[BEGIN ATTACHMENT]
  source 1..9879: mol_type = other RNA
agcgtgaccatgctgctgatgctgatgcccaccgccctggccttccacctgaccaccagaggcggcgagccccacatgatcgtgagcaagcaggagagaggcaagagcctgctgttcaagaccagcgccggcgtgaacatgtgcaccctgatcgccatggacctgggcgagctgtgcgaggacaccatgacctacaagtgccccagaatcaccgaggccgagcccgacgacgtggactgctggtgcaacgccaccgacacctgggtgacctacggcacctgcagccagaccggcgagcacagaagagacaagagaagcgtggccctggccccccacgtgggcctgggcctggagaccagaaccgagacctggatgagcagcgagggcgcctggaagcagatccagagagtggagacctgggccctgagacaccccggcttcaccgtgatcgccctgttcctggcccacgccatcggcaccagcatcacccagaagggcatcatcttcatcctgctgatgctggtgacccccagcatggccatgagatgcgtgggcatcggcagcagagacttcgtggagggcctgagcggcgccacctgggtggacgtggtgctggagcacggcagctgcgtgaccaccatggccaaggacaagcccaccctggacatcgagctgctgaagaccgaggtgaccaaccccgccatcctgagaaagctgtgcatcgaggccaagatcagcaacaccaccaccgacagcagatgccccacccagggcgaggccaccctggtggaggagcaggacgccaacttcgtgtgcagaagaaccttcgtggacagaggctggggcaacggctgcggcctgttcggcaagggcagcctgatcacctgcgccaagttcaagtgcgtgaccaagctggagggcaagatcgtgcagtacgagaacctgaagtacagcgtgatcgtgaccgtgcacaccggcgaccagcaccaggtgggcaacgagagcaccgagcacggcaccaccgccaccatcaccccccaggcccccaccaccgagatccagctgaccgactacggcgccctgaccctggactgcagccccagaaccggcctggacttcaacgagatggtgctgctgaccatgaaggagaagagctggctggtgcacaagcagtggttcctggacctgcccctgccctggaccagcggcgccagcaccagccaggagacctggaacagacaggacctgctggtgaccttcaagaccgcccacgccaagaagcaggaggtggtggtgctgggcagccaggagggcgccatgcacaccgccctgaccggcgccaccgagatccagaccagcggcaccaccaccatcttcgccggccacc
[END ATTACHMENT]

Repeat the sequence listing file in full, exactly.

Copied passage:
  source 1..9879: mol_type = other RNA
agcgtgaccatgctgctgatgctgatgcccaccgccctggccttccacctgaccaccagaggcggcgagccccacatgatcgtgagcaagcaggagagaggcaagagcctgctgttcaagaccagcgccggcgtgaacatgtgcaccctgatcgccatggacctgggcgagctgtgcgaggacaccatgacctacaagtgccccagaatcaccgaggccgagcccgacgacgtggactgctggtgcaacgccaccgacacctgggtgacctacggcacctgcagccagaccggcgagcacagaagagacaagagaagcgtggccctggccccccacgtgggcctgggcctggagaccagaaccgagacctggatgagcagcgagggcgcctggaagcagatccagagagtggagacctgggccctgagacaccccggcttcaccgtgatcgccctgttcctggcccacgccatcggcaccagcatcacccagaagggcatcatcttcatcctgctgatgctggtgacccccagcatggccatgagatgcgtgggcatcggcagcagagacttcgtggagggcctgagcggcgccacctgggtggacgtggtgctggagcacggcagctgcgtgaccaccatggccaaggacaagcccaccctggacatcgagctgctgaagaccgaggtgaccaaccccgccatcctgagaaagctgtgcatcgaggccaagatcagcaacaccaccaccgacagcagatgccccacccagggcgaggccaccctggtggaggagcaggacgccaacttcgtgtgcagaagaaccttcgtggacagaggctggggcaacggctgcggcctgttcggcaagggcagcctgatcacctgcgccaagttcaagtgcgtgaccaagctggagggcaagatcgtgcagtacgagaacctgaagtacagcgtgatcgtgaccgtgcacaccggcgaccagcaccaggtgggcaacgagagcaccgagcacggcaccaccgccaccatcaccccccaggcccccaccaccgagatccagctgaccgactacggcgccctgaccctggactgcagccccagaaccggcctggacttcaacgagatggtgctgctgaccatgaaggagaagagctggctggtgcacaagcagtggttcctggacctgcccctgccctggaccagcggcgccagcaccagccaggagacctggaacagacaggacctgctggtgaccttcaagaccgcccacgccaagaagcaggaggtggtggtgctgggcagccaggagggcgccatgcacaccgccctgaccggcgccaccgagatccagaccagcggcaccaccaccatcttcgccggccacc